With his fiery temperament and special devotion to the Savior, John gained a favored place in Christ’s inner circle. His enormous impact on the early Christian church and his larger-than-life personality makes him a fascinating character study. His writings reveal contrasting traits.

For instance, on the first Easter morning, with his typical zeal and enthusiasm, John raced Peter to the tomb after Mary Magdalene reported that it was now empty. Although John won the race and bragged about this achievement in his Gospel (John 20:1Giovanni 20:2John 20:3John 20:4John 20:5John 20:6John 20:7John 20:8John 20:9), he humbly allowed Peter to enter the tomb first.

Facts

There are John the Apostle facts that made us know that he wrote more about love than any other New Testament author. His proximity to Jesus taught him much about love. He played a leading role in the early church in Jerusalem. John was the son of Zebedee, a Galilean fisherman, and Salome. In the Gospel According to Mark, he is always mentioned after James and was no doubt the younger brother. His mother was among those women who ministered to the circle of disciples. He was exiled to the island of Patmos under Domitian, but after his death, John was allowed to return to Ephesus where he governed churches in Asia until his death at about A.D. 100.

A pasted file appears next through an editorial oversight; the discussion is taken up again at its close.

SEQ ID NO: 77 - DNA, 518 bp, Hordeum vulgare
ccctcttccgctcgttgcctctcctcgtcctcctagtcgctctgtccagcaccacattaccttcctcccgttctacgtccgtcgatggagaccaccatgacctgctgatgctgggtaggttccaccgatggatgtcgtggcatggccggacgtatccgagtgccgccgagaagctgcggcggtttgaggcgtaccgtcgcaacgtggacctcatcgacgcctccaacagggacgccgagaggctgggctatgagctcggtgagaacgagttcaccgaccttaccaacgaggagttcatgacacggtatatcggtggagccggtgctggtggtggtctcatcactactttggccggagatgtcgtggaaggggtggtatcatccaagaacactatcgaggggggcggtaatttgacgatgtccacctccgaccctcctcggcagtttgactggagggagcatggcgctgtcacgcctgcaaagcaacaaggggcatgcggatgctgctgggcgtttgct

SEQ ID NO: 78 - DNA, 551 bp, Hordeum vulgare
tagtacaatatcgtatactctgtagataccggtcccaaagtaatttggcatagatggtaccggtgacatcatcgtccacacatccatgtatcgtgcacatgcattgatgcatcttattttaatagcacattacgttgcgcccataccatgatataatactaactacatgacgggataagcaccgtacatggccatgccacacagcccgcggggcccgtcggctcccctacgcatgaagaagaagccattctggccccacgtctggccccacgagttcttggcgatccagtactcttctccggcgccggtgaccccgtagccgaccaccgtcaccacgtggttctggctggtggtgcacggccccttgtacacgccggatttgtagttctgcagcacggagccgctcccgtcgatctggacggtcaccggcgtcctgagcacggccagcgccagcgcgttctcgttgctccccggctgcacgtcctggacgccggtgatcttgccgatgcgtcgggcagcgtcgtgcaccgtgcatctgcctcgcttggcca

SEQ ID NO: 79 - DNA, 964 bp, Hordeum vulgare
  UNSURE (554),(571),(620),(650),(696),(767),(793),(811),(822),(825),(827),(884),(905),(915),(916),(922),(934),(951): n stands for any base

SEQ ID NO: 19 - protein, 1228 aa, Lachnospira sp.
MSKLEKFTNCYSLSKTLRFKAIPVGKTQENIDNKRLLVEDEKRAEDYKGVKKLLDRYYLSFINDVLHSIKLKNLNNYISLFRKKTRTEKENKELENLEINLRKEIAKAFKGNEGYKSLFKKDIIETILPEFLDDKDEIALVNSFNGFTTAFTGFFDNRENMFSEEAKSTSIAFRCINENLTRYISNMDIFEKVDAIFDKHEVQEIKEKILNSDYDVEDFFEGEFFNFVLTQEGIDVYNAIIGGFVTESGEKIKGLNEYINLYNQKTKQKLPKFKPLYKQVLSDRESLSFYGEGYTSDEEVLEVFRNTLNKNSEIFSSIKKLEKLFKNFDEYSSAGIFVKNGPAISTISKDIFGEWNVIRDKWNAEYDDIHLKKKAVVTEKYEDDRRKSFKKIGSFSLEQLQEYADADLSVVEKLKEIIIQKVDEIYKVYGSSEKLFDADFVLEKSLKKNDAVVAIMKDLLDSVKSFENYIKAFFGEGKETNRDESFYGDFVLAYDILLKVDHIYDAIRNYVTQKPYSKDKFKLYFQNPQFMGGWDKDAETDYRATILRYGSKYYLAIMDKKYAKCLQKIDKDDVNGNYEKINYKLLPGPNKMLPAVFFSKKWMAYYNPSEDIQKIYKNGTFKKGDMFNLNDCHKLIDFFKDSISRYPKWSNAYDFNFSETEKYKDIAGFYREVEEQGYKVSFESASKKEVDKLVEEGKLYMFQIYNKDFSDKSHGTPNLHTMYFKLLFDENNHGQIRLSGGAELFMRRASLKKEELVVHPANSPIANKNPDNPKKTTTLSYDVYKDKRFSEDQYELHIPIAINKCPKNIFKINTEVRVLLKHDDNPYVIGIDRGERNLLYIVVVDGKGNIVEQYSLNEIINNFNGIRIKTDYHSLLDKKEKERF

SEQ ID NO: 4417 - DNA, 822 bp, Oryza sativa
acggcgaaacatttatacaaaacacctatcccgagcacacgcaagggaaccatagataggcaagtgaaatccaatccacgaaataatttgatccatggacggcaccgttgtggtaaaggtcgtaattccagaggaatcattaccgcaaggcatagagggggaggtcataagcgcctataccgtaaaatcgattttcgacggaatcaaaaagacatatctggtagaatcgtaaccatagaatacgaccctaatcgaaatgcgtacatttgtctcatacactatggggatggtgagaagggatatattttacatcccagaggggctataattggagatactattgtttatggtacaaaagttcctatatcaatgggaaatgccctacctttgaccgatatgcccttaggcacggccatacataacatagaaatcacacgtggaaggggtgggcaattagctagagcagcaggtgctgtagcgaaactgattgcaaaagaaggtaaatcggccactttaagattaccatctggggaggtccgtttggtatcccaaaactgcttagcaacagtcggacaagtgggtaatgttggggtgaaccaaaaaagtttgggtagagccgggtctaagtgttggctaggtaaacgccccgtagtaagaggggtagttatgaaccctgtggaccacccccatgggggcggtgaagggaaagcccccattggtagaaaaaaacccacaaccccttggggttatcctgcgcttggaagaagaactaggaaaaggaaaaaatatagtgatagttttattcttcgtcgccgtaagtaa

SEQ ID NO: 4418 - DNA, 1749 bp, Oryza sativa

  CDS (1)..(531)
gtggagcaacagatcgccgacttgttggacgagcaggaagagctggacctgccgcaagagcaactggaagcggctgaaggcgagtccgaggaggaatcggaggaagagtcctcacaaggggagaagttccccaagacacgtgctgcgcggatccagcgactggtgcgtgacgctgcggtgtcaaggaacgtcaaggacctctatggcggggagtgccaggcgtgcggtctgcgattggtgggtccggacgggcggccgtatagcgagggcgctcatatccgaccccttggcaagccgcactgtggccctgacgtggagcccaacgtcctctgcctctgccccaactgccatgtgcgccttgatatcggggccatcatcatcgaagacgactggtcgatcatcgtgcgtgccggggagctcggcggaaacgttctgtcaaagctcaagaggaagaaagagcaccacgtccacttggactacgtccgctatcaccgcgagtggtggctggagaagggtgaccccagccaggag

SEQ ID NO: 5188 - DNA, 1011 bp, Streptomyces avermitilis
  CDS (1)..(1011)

Apostle John Logo
Apostle John Logo

John the Apostle Facts and Symbols

John’s symbol is a snake in a cup. Traditional sources claim that John was the only apostle to live a long life and die of natural causes. That, however, doesn’t mean that he never faced persecution.

The same sources claim that the Romans tried to poison John with a cup of wine. When that didn’t work, they threw him into a vat of boiling oil. When he still didn’t die, they exiled him to the island of Patmos where he wrote Revelation.

John wrote more books of the New Testament than anyone except the apostle Paul. His most important work was the Gospel of John, which is the most mystical and symbolic of the gospels. He also wrote Revelation, as mentioned above, and the three letters of John.

St John Trivia

John the Apostle is often depicted as an aged man with a white or grey beard in Byzantine art or as a beardless youth in the art of Medieval Western Europe. In Medieval paintings, sculptures, and literature, he is also often presented as an androgynous or feminine figure.

John the Apostle’s Facts and Miracles

The KJV of the Bible does not record any miracles done by John. However, in Acts, he is present when Peter invokes Jesus’ name to heal a lame man. John’s enormous contributions do include the Gospel of John, 1,2,3 John, and the Book of Revelations.

The highest pinnacle of John’s time with Jesus is debatable. Was it being at Jesus’ transfiguration? Was it at being the first of the male disciples to enter Jesus’ empty tomb? Or was it his vision of the End Times? As for me, I think John’s greatest accomplishment may well have been entrusted by Jesus to care for Jesus’ mother Mary after Christ’s crucifixion.